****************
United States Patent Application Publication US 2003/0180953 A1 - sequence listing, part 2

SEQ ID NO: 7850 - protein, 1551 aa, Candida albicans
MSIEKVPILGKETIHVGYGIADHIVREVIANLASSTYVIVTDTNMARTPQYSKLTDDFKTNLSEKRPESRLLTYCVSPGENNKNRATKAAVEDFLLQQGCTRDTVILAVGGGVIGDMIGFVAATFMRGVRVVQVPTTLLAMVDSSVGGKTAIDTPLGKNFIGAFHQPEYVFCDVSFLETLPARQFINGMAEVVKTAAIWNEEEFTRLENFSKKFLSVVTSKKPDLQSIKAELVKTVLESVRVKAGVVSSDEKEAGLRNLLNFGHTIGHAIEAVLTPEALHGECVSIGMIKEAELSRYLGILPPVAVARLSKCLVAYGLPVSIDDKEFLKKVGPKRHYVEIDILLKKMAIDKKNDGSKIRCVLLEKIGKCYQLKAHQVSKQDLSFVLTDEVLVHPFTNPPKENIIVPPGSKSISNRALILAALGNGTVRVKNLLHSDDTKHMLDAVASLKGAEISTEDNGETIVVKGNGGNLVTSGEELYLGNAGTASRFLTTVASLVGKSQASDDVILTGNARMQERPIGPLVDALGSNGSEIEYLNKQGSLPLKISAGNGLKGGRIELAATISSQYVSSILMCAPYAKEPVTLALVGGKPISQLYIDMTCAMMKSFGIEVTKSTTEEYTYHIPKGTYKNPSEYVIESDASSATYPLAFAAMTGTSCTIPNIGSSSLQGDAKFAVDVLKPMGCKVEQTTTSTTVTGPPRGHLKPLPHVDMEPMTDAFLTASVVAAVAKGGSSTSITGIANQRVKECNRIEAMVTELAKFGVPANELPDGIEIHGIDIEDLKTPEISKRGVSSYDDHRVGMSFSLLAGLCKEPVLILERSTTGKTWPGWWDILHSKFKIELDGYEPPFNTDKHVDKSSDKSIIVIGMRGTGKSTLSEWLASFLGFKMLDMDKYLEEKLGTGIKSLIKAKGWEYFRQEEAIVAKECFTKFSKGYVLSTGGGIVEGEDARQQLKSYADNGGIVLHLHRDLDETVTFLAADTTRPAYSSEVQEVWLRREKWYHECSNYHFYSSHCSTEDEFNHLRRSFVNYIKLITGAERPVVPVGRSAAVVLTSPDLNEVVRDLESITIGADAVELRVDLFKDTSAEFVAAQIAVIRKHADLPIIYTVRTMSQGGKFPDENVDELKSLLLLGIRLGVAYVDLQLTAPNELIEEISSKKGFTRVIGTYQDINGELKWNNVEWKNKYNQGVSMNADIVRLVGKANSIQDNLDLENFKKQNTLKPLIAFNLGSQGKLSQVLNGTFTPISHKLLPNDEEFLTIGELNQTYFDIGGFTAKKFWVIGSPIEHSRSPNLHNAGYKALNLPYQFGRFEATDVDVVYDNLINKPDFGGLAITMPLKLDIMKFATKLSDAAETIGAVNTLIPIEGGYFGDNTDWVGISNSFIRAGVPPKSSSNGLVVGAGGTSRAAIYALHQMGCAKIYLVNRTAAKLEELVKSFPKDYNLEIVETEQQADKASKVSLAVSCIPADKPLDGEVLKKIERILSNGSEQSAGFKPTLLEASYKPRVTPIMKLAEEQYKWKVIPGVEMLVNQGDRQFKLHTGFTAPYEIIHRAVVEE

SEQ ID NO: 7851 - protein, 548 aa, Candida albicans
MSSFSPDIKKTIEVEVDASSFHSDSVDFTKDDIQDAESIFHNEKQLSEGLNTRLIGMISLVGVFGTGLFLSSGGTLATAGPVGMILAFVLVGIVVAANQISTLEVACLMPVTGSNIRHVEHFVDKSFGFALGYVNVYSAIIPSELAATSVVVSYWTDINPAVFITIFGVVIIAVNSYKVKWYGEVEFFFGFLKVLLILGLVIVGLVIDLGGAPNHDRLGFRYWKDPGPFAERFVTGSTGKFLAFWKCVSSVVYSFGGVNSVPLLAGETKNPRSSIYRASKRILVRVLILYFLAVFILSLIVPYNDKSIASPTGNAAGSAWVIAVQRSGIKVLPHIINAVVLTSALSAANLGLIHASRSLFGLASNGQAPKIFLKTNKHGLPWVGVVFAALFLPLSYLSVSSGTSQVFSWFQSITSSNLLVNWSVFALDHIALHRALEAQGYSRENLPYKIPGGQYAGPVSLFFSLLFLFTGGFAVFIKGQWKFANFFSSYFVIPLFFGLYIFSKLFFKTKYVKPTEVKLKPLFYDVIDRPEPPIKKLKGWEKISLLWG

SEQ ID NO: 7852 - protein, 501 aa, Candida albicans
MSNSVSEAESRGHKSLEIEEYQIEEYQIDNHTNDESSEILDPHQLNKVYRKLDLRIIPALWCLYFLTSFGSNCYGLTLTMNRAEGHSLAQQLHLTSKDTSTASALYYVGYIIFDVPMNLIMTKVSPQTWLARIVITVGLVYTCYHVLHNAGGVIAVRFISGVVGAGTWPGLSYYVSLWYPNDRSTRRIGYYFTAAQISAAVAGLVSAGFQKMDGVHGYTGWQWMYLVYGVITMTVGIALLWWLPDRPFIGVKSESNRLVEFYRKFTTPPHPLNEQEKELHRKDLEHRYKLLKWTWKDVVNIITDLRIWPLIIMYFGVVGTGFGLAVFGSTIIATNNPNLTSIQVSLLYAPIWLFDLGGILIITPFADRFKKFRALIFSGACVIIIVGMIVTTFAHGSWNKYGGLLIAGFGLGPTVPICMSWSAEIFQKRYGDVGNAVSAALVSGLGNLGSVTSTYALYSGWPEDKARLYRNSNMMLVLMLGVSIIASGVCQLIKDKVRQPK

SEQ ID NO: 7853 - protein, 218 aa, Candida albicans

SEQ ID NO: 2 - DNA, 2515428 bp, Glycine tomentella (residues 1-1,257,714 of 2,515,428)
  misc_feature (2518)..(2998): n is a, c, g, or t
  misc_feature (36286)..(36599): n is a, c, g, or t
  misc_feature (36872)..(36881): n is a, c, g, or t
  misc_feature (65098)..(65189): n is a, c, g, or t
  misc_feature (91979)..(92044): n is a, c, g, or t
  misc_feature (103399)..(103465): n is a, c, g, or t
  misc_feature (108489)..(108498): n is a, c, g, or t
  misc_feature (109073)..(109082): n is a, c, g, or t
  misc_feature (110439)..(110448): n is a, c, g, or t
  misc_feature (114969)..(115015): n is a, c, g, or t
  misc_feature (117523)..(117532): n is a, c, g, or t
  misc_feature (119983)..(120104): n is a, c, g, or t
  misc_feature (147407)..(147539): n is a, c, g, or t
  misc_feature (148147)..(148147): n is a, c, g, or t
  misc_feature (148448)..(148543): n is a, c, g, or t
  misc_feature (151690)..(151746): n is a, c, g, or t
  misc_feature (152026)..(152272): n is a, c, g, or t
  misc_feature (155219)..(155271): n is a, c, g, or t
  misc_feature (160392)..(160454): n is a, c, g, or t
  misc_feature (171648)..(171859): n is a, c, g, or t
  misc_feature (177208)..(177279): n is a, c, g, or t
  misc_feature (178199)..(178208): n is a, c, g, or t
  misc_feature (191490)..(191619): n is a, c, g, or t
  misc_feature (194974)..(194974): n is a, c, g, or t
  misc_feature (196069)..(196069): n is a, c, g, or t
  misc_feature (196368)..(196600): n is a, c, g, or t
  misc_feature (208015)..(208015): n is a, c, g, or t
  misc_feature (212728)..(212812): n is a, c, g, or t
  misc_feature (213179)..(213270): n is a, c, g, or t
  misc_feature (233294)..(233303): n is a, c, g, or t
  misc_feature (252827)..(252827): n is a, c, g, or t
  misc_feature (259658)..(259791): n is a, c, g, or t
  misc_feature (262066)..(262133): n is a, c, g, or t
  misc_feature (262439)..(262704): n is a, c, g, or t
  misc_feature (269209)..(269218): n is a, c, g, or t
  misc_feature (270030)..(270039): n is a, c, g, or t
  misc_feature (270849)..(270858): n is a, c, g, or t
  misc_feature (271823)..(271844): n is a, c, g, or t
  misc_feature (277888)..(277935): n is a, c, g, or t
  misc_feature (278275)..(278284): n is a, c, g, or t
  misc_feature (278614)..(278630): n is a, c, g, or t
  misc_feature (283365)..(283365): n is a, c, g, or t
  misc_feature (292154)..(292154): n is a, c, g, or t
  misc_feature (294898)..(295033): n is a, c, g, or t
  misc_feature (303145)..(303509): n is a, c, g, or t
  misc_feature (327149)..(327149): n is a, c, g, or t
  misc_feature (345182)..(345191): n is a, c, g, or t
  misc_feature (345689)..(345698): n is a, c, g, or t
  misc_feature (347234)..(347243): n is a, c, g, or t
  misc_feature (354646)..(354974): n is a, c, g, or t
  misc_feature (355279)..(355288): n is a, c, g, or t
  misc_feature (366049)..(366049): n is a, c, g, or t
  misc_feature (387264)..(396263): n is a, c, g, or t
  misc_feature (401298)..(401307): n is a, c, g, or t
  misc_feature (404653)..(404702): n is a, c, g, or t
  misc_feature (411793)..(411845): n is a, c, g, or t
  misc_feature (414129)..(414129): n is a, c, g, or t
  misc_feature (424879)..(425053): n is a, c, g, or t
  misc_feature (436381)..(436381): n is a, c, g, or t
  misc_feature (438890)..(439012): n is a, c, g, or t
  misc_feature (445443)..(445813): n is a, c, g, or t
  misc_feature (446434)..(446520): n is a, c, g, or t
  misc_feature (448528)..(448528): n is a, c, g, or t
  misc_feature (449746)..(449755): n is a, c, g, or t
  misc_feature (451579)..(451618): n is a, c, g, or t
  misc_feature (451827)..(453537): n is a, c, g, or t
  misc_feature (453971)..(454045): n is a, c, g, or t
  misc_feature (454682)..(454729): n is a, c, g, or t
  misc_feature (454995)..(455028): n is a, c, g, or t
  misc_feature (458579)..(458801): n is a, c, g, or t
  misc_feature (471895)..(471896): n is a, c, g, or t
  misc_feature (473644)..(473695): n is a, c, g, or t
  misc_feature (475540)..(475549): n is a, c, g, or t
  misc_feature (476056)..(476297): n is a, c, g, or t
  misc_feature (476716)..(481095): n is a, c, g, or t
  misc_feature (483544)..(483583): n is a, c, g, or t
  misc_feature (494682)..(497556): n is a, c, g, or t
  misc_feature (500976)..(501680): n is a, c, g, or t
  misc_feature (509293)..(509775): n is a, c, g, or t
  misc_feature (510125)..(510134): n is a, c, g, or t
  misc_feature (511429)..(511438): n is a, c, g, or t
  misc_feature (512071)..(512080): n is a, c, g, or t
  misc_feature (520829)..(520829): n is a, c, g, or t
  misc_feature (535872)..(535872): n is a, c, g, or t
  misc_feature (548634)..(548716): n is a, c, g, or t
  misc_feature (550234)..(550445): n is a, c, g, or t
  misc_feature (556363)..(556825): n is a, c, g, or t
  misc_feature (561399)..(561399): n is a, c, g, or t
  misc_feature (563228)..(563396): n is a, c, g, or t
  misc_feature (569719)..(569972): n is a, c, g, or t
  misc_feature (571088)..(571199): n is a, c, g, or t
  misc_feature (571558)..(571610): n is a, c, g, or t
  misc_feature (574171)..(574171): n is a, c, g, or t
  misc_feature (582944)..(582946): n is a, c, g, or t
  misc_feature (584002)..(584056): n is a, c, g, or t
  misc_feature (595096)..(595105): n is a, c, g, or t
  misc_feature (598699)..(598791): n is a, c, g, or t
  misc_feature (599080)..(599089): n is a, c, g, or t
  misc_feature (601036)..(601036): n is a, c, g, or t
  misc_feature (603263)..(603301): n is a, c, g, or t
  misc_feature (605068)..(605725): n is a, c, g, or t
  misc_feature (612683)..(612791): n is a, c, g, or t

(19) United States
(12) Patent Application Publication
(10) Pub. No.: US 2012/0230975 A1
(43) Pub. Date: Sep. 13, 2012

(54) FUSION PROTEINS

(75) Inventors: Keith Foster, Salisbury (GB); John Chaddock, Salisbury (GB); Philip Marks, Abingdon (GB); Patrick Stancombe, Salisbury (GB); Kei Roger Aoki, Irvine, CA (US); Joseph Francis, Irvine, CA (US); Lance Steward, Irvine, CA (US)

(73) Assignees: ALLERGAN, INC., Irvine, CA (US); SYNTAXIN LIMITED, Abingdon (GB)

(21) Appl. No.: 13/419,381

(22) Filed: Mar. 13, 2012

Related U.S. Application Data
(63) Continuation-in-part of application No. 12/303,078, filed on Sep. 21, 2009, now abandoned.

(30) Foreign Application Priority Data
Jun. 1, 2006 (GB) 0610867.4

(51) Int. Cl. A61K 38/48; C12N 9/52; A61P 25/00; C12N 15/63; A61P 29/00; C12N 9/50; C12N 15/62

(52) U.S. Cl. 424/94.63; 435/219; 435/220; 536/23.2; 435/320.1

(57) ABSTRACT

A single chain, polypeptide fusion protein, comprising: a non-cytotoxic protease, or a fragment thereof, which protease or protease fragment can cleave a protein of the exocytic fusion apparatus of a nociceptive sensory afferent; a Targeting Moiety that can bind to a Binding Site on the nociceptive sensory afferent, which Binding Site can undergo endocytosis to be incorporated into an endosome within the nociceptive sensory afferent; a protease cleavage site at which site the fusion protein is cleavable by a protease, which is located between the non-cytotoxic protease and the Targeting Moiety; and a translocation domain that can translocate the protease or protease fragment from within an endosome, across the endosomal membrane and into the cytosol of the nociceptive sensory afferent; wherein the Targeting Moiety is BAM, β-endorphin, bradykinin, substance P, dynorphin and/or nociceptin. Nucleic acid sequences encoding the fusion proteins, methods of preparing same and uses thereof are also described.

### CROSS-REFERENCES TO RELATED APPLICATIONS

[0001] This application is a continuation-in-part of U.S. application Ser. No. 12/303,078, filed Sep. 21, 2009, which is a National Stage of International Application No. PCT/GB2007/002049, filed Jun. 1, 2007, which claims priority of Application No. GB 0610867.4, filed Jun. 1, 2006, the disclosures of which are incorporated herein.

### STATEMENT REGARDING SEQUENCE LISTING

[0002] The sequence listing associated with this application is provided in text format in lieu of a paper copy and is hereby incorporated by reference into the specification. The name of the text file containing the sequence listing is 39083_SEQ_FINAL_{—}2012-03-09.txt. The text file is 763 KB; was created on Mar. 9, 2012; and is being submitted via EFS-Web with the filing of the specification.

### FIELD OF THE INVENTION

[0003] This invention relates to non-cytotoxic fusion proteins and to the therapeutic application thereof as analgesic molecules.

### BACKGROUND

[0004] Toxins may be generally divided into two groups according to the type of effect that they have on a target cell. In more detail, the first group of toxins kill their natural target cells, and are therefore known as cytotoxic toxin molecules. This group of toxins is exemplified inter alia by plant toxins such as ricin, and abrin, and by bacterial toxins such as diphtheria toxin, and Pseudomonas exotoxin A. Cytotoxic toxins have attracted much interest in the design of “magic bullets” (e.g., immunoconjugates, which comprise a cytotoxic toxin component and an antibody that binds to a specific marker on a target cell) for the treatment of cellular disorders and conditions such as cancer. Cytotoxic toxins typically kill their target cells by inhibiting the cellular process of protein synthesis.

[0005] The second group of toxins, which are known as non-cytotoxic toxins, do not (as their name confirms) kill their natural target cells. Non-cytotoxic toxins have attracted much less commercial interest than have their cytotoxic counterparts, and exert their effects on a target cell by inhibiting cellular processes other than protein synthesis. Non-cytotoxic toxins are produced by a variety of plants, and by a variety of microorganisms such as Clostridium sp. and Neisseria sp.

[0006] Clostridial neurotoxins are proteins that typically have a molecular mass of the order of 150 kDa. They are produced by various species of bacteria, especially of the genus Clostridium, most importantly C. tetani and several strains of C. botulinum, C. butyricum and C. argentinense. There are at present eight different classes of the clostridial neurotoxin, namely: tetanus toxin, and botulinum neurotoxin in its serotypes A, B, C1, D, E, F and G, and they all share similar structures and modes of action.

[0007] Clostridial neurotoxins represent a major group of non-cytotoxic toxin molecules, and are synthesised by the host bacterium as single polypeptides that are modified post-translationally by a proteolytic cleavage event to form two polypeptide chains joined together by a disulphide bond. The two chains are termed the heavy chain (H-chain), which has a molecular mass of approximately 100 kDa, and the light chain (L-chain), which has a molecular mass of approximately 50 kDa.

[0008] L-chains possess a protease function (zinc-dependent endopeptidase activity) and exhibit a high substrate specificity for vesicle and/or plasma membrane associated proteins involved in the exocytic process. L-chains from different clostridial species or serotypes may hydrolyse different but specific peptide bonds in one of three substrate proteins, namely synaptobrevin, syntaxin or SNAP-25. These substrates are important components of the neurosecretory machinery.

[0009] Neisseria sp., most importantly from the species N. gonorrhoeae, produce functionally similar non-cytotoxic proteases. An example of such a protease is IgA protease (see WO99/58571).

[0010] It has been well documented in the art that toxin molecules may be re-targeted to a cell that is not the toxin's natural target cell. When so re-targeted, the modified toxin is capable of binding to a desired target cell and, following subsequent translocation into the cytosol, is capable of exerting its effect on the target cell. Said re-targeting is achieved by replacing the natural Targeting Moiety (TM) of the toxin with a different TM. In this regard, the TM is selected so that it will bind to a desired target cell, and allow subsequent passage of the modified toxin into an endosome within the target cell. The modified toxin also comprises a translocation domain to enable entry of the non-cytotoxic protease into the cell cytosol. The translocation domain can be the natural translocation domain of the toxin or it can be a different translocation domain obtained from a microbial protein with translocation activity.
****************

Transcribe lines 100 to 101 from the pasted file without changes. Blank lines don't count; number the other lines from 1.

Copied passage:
  misc_feature (571088)..(571199): n is a, c, g, or t
  misc_feature (571558)..(571610): n is a, c, g, or t